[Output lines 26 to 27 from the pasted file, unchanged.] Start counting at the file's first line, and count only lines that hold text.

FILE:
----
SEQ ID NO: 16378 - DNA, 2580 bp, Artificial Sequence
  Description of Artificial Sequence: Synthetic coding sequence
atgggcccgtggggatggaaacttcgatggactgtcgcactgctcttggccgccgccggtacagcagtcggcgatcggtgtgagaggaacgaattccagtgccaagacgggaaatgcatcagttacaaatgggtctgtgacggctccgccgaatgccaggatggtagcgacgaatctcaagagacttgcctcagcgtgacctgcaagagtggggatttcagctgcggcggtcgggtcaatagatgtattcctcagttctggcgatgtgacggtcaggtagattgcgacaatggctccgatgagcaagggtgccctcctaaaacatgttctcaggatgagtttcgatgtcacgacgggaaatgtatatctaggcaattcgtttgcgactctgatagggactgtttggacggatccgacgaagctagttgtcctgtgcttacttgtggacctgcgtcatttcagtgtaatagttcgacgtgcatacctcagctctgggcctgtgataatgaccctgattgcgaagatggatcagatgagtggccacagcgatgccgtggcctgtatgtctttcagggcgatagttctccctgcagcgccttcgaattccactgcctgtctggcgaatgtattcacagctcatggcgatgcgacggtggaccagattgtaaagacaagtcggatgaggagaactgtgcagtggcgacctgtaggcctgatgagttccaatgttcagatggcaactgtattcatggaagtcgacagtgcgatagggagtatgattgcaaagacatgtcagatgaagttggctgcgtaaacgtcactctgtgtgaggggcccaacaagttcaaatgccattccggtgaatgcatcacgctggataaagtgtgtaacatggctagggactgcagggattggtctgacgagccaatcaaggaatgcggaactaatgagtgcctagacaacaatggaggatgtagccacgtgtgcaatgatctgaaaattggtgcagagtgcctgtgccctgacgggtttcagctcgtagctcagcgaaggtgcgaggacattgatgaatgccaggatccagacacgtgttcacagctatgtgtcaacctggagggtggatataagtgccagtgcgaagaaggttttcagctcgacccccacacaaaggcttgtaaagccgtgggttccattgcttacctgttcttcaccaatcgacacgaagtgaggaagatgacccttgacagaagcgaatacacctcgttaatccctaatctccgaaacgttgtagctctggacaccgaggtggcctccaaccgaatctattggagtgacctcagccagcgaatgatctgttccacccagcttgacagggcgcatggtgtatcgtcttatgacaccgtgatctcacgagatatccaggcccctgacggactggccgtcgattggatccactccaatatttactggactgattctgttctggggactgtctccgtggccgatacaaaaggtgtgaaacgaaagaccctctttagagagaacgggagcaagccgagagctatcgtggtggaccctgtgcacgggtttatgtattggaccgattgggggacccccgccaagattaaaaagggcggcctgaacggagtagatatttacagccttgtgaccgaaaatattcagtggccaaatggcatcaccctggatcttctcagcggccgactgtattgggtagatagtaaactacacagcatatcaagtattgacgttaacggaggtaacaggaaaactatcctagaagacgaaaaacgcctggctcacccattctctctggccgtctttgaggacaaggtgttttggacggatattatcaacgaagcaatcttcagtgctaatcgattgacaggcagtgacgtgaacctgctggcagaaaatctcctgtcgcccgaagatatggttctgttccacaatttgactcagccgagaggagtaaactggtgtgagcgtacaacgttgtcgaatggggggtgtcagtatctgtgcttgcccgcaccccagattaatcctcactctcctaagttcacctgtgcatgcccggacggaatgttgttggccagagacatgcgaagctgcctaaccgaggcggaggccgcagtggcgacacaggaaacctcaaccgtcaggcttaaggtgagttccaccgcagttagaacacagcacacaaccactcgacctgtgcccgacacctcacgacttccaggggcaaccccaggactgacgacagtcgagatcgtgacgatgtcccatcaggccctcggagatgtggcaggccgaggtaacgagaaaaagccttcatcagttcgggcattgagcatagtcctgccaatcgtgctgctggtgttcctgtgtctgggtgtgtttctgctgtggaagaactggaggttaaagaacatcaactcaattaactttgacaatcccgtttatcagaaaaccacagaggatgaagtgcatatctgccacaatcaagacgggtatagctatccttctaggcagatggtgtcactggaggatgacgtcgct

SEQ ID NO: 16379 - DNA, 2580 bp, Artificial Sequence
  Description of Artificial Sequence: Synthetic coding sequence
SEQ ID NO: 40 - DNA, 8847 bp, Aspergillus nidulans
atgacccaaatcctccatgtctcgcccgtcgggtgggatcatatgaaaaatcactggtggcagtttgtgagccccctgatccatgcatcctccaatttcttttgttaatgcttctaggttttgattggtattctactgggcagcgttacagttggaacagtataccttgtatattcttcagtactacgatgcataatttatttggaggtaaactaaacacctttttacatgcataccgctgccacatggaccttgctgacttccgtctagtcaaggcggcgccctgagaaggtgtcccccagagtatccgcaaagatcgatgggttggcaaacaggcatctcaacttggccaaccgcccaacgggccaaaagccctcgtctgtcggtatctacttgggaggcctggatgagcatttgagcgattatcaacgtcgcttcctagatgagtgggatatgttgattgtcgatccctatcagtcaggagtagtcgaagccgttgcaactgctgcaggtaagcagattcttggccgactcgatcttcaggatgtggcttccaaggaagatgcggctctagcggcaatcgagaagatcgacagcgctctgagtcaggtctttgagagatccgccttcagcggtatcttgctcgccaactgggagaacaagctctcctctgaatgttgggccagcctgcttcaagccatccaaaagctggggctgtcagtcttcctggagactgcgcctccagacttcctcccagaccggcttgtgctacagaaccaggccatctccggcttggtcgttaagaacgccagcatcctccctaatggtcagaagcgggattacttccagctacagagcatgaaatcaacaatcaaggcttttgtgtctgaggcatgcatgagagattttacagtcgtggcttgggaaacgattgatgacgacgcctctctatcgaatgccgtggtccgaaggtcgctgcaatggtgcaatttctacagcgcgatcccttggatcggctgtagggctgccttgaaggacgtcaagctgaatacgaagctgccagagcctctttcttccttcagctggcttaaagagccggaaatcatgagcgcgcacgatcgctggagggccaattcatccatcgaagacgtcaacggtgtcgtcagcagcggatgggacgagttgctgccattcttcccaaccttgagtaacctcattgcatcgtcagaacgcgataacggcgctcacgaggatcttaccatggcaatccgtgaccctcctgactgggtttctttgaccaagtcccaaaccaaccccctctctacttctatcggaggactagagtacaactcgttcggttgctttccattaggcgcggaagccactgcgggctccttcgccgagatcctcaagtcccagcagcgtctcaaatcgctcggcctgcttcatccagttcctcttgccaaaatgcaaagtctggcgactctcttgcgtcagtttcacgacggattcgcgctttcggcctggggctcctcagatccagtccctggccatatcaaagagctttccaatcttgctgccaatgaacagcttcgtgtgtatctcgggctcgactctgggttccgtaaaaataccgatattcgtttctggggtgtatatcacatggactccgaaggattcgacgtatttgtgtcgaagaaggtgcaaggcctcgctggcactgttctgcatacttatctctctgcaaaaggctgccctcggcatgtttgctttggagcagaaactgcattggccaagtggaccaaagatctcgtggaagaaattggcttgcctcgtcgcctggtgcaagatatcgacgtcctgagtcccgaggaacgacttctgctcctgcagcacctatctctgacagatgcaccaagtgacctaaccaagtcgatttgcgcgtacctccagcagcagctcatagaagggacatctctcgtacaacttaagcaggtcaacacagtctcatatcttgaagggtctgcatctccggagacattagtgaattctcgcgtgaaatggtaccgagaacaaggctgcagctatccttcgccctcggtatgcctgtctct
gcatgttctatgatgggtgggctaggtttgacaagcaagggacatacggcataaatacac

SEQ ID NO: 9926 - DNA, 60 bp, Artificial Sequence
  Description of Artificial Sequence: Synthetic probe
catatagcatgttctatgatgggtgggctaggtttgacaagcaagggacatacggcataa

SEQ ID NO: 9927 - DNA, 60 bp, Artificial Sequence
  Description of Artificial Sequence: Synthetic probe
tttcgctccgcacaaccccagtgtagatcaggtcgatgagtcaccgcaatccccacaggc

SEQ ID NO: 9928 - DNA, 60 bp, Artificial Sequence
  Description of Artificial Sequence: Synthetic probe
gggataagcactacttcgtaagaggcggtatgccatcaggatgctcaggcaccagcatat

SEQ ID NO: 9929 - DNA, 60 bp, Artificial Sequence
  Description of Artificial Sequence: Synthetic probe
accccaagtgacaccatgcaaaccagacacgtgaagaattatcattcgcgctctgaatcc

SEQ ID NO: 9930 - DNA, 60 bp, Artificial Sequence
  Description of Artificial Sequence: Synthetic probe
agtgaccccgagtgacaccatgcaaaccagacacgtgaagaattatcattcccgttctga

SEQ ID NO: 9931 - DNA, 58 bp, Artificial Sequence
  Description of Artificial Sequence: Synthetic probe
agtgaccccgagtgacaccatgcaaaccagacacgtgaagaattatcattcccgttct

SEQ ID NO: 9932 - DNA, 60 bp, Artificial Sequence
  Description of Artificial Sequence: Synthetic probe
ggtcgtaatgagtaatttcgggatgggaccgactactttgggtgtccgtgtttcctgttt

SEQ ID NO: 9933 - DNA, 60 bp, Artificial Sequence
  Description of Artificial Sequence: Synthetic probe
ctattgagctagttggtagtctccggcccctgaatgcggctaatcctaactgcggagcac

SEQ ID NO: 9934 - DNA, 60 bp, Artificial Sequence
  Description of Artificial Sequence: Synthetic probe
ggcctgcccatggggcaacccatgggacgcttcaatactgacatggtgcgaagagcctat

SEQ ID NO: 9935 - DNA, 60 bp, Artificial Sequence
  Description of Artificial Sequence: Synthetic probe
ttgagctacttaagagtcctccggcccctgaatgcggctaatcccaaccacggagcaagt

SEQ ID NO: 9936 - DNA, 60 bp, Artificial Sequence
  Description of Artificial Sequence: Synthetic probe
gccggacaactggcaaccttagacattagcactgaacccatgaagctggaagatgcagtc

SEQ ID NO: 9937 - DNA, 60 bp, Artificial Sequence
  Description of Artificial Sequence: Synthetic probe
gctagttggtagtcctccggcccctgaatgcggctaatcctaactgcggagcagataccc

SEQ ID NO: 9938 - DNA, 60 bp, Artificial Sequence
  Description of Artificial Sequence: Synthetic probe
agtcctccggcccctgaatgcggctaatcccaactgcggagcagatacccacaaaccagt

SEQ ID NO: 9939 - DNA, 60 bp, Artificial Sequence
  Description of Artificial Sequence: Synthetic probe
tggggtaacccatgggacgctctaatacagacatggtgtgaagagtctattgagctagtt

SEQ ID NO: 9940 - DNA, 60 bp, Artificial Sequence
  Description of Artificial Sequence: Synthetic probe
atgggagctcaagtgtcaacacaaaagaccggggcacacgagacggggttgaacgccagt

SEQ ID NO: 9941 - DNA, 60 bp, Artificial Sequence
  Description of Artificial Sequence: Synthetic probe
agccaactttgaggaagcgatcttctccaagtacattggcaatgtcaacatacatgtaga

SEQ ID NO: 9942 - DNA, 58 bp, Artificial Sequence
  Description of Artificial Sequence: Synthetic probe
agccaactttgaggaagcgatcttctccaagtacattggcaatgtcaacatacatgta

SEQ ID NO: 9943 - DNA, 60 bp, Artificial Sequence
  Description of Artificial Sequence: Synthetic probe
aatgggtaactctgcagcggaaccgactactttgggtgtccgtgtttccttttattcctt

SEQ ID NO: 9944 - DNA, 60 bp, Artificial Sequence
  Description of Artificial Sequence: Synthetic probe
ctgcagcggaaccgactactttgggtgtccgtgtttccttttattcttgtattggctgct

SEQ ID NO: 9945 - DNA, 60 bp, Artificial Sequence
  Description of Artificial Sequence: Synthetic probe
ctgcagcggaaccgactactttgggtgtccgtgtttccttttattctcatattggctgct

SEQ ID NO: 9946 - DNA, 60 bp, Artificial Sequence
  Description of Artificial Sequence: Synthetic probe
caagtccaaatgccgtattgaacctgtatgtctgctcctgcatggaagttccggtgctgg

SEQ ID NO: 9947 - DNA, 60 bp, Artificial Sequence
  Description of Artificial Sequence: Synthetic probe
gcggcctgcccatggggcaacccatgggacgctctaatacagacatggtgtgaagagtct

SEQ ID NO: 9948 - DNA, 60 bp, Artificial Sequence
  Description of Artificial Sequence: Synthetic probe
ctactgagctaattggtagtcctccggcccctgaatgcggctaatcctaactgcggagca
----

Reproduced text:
agtgaccccgagtgacaccatgcaaaccagacacgtgaagaattatcattcccgttct

SEQ ID NO: 9932 - DNA, 60 bp, Artificial Sequence